The much awaited formal launch date for RelJio’s 4G services has been announced and the media has gone to town about disruption in the telecom service industry. In line with classic strategy, examples like the entry of successful low cost airlines on new routes which provides an opportunity for a ‘short sell’ of the incumbent operators, share prices of the pan India mobile phone service providers have shrunk significantly in recent days. Interestingly enough, the valuation of Reliance has taken a beating as well. There are some shades of the familiar in the story so far. Over a decade back, before the Ambani brothers parted ways in 2005, Reliance had launched its ‘Monsoon Dhamaka’ which shook the telecom industry even then. As a late entrant, Reliance had made waves with the promise of ‘calls at the price of a post card’. Bundled deals and unheard of price packages had exploded demand even then except that over time it ended becoming what some now term as a ‘fringe’ player. Analysts now expect that business to fade away with the emergence of Jio.
Before long, you might expect the Jio to be labelled a blue ocean strategy. However, unless Jio can build huge new markets of ‘non-customers’, the media headlines of disruptive innovation might be a better toolkit to make sense of this phenomenon. The country has a rather high mobile penetration which might suggest that new pockets to win customers might not be much. However the trend of dual (and more) sim holders which accounts for some metros having penetration in excess of 100% might also suggest enough untapped customers, notwithstanding the high national penetration numbers.
It has been reported that the new generation of the Ambani family has been driving Jio which is perhaps good news since the service will then be more likely well aligned with the market of youth. With huge investments in 4G network infrastructure, free voice calls, deep discounted data rates, superior experience with handsets priced well below comparable devices and a three month free service, Jio has truly shaken the industry.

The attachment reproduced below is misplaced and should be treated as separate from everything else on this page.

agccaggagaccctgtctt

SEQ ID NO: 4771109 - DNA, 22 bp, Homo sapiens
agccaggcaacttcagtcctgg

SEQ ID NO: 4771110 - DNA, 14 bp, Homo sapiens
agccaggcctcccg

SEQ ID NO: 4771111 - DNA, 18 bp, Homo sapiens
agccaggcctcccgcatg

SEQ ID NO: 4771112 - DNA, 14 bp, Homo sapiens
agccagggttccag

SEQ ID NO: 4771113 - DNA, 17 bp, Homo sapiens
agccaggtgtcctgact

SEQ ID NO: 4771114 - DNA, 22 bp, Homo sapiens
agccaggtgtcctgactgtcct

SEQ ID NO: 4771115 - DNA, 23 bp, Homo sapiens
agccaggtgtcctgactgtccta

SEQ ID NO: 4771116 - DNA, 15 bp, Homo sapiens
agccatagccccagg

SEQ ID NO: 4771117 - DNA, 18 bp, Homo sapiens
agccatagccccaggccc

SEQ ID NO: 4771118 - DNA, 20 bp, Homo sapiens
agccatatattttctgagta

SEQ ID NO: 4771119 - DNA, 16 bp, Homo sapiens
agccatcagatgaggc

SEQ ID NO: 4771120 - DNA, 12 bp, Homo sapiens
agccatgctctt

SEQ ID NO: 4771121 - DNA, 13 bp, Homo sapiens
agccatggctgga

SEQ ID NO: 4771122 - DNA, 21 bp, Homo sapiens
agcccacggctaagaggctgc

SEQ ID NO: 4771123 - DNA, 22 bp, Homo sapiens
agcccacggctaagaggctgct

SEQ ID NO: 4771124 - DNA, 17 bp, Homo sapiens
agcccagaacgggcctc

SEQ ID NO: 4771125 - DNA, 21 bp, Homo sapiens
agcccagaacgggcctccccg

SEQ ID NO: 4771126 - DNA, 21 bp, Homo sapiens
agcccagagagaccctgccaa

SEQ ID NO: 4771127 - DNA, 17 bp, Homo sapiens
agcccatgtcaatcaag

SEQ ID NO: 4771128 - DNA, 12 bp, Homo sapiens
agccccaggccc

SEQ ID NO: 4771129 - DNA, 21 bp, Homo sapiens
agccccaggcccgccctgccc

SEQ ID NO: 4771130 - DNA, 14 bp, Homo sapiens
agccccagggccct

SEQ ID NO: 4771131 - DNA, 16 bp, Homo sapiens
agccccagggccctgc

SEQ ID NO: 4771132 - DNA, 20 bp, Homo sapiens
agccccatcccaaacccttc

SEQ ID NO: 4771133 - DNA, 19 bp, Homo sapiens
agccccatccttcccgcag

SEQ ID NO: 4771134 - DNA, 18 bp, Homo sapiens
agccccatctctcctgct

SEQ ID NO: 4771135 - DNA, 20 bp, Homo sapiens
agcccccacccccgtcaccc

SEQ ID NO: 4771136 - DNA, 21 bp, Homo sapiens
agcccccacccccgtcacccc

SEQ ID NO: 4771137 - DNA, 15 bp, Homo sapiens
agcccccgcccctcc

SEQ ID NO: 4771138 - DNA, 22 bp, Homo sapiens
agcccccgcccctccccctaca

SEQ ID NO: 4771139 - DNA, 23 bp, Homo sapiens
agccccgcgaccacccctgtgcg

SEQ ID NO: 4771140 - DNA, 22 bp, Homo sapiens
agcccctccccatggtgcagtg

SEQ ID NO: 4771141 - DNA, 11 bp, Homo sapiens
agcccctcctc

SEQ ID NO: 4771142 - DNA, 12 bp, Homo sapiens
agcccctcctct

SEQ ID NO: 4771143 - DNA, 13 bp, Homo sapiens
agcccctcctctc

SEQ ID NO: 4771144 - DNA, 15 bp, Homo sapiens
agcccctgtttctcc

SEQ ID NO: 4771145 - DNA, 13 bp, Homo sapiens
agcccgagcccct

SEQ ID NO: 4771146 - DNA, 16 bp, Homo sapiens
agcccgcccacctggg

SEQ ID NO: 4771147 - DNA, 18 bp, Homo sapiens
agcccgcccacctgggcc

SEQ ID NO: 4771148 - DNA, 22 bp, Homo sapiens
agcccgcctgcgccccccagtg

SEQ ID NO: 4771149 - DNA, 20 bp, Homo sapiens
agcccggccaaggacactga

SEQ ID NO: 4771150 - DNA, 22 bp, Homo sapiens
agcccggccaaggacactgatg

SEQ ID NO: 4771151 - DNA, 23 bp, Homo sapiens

As with most businesses, the incumbents have historically aimed to build relationships with corporate clients and have focused on high spend customers. This makes sense since that is where you might expect margins to be. In serving such segments, companies tend to work on continually improving their offerings, something termed as ‘sustained innovation’. In the world of ‘disruptive innovation’ this has a likelihood of leading to ‘performance overshoot’. Essentially, customers are provided more than what a large section really wants and in the process a significant mass of customers cease to be truly satisfied. The stage is then set for a disrupter who can enter with a low priced offering with some potential performance drawbacks as well. Nevertheless, underserved customers might find this attractive and to the extent incumbents are less interested in that segment, the new entrant can ‘fly under the radar’. Over time, the disrupter can enhance its product performance and soon ‘assault from below’ to take away customers from the incumbents. When such a scenario unfolds, the disrupter inevitably wins.
Switching costs for individuals in mobile services is low, what with the prevalence of dual sim phones and mobile number portability. From that perspective, incumbent operators might have much to worry about in terms of losing high value business. On the flip side, the history of Reliance in telecom or in consumer businesses is not bright. Apprehensions on the quality of interconnect etc also linger. What if RelJio were to get the subscriber numbers but not the revenue? With voice calls to be free, revenues have to flow from data. Back of the envelop computations by analysts suggest that a break even might take at least a couple of years even with a subscriber base of about 100 million.
The retail business of Reliance has been a patient, long haul and RelJio might be similar. While the ‘disrupter’ has made a splash, in order for the incumbents to be rolled over by the tide, RelJio will need its low price to be quickly supported by low cost and by a rapidly expanding market size.